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Army Reserve unit changes command in Marysville | SLIDESHOW
MARYSVILLE — The Marysville Armed Forces Reserve Center hosted a historic change of command ceremony on Saturday, Jan. 5.
“Today marks two milestones,” said Maj. Gen. William Frink Jr., commanding general of the 79th Sustainment Support Command. “In addition to being the first change of command for the 364th Expeditionary Sustainment Command, it is also the first major event to be held at this brand new state-of-the-art facility. We moved the ESC headquarters from Fort Lawton when they were downrange, officially closing Fort Lawton in February. This is the first major public community ceremony since the 364th returned from deployment, so thank you for allowing me to visit your new home and take part in your first change of command since returning from your successful deployment.”
Brig. Gen. Jonathan G. Ives, who had commanded the unit since its formation in 2009, left to become the deputy commanding general of the 377th Theater Sustainment Command, a U.S. Army Reserve unit in New Orleans. Brig. Gen. I. Neal Black, the 364th Expeditionary Sustainment Command’s new commanding general, comes to the Puget Sound after serving as deputy commander for mobilization at the Military Surface Deployment and Distribution Command at Scott Air Force Base, Ill.
“While commanding the 364th, Gen. Ives successfully deployed the unit to Kuwait to handle the historic drawdown of forces from Iraq,” Frink said. “Even though the 364th was mobilized two years ahead of schedule, Jonathan and his amazing group of soldiers handled that mission — the largest logistical operation since World War II — with skill and professionalism, ensuring the president’s directive was enacted. As Gen. Ives himself said, you got ‘em home for the holidays.”
Frink noted that, under Ives’ command, 68,000 troops and 11,000 truckloads of equipment came safely out of Iraq, which means the 364th Expeditionary Sustainment Command successfully executed the single largest logistical movement in the history of the U.S. Army.
“The 364th literally closed the door on the Iraq theater after seven years of war,” Frink said. “This deployment illustrates just how true it is that the Army doesn’t roll without the Army Reserve.”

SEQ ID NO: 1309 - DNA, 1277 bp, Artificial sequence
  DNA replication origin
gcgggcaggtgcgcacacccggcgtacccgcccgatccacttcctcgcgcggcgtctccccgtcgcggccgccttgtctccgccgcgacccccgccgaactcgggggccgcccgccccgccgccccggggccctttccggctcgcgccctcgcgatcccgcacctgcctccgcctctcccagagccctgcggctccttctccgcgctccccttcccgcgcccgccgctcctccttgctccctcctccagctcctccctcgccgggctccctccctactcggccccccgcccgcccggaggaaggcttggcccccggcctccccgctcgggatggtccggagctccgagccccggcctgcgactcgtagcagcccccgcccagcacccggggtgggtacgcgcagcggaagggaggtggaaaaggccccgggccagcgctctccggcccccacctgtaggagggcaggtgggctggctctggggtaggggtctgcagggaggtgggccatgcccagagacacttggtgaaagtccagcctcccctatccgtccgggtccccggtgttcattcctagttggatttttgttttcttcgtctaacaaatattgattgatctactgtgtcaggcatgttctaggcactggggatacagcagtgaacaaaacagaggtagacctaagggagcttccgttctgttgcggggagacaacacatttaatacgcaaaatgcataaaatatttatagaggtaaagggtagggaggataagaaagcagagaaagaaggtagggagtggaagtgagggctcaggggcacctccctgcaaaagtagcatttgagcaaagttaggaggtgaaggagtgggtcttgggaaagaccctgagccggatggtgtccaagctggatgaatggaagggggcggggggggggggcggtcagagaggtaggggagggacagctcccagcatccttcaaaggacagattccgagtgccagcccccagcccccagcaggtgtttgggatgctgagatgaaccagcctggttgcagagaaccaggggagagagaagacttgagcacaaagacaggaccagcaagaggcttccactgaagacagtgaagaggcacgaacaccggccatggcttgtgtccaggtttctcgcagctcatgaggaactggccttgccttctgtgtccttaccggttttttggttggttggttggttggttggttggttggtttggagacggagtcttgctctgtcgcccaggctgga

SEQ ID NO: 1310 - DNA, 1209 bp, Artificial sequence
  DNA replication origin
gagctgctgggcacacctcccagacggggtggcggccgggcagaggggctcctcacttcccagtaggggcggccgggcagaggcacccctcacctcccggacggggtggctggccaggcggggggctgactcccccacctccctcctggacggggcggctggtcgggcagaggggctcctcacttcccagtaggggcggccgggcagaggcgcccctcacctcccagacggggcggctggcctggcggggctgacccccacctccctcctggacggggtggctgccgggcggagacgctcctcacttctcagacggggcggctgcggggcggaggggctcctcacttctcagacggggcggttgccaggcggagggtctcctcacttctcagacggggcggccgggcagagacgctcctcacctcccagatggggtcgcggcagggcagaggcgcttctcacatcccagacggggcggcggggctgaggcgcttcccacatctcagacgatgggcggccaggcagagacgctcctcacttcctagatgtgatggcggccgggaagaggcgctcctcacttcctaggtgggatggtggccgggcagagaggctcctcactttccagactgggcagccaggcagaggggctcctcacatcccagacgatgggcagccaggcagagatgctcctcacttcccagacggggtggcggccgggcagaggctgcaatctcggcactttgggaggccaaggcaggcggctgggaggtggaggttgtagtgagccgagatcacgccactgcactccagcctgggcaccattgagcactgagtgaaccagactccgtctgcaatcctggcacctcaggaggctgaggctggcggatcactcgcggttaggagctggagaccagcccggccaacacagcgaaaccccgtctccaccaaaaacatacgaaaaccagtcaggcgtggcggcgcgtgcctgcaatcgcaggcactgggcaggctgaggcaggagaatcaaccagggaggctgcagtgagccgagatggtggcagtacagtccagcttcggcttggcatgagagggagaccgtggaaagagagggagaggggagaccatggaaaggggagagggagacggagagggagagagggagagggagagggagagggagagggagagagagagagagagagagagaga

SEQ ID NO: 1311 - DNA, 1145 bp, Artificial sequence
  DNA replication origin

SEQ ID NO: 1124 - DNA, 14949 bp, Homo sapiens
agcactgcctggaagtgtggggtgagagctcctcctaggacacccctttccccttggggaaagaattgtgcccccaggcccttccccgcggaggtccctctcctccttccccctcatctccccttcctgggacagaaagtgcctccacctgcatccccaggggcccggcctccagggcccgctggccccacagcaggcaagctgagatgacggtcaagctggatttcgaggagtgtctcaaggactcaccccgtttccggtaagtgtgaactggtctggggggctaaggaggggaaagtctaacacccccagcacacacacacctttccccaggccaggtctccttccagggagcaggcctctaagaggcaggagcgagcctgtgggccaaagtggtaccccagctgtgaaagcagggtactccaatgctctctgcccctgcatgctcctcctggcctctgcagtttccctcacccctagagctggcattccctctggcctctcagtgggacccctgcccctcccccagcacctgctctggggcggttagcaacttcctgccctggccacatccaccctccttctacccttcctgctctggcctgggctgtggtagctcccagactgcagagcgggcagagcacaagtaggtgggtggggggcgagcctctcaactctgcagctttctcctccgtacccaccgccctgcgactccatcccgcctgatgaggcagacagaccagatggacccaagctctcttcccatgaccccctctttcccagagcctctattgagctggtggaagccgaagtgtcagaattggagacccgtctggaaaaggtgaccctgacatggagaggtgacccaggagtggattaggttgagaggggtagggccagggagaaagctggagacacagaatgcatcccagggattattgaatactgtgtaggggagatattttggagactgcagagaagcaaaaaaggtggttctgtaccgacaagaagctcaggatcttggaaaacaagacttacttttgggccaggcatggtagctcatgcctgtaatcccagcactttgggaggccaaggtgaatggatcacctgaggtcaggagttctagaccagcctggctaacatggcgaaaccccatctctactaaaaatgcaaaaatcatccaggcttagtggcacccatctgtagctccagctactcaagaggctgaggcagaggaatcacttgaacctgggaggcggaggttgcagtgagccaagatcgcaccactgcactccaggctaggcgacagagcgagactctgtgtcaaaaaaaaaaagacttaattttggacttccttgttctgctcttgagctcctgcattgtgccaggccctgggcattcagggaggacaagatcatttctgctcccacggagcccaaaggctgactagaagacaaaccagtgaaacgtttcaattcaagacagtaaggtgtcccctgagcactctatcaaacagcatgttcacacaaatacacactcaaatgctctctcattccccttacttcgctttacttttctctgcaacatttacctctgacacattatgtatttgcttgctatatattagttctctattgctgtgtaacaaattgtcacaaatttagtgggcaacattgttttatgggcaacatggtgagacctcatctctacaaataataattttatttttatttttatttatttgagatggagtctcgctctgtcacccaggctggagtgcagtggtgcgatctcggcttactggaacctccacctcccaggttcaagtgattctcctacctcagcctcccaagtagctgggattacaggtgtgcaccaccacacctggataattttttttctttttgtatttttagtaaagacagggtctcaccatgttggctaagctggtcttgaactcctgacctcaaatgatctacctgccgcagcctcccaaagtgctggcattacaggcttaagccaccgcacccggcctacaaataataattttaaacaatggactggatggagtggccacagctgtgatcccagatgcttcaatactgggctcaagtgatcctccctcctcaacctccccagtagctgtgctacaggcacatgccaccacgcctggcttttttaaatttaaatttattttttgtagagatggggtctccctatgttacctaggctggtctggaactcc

After congratulating Ives on the birth of his daughter on Nov. 21, the day before Thanksgiving — “If that’s not an excellent reason to give thanks, I don’t know what is” — Frink moved on to praise Black as a more-than-worthy successor.
“Neal is the type of leader who empowers his soldiers,” Frink said. “He gives them the opportunity to excel at missions that they might have initially thought were beyond them. This is what the 364th needs in its reset phase, is a leader who gives his soldiers the mission and lets them make it happen. This reset phase is an opportunity to build the 364th in his own vision. Reset can be challenging, but it’s also rewarding. I look forward to seeing what the 364th will look like this time next year.”
When asked to look back on his legacy, Ives referred instead to the collective legacy of the 364th Expeditionary Sustainment Command under his watch.
“Our legacy is about how we stood up the command, how we grew and mobilized the command, and how we have become the best ESC in the U.S. Army,” Ives said. “We have done a significant amount of work. When you look back in three short years since 2009, we have structured an operational command with Force Generation Mission Command responsibilities when there was none before.”
Ives admitted that, when his unit received its alert order, more than a few senior officers expressed doubts about its capability and readiness.
“If there is one personal legacy to remember about Brig. Gen. Ives, it is this,” Ives said. “I believed in you. I was fully convinced the 364th would be successful in Kuwait or any theater. Was it simply a commander’s bravado, or just hubris? Maybe a little bit, but truly, it was because I was witness to how you were forming, and I was internal to the culture of the 364th. What I saw then, you still have. It is your culture, and you will never lose it.”
Ives credited his troops with forming a command and team in six months, managing the largest retrograde in the history of the U.S. Army in 56 days, saving more than $200 million through their logical hub, and nearly $20 million by reassessing their force structure.
“So remember, when called to duty, you answered,” Ives said. “Further, when you answered, you exceeded the standard, with what I have come to realize are two cultural values of the Army Reserve — mission without ego, and serving as an advocate of the taxpayer.”
Like Frink, Ives thanked the assembled civic leaders and civilian family members and friends in attendance for their support of the military.
By contrast to his peers, Black was a self-described man of few words.
“To Maj. Gen. Frink, I promise you I will give you my full effort to keep this a top command,” Black said. “To Brig. Gen. Ives, I promise you I will not screw up what you’ve given me. To my soldiers, I promise you I will make my decisions with you in mind. The mission will come first, as it must, but I will take care of you, just as you take care of the mission. When people thank me for my service, I tell them it is my pleasure to get to work with dedicated young men and women like you.”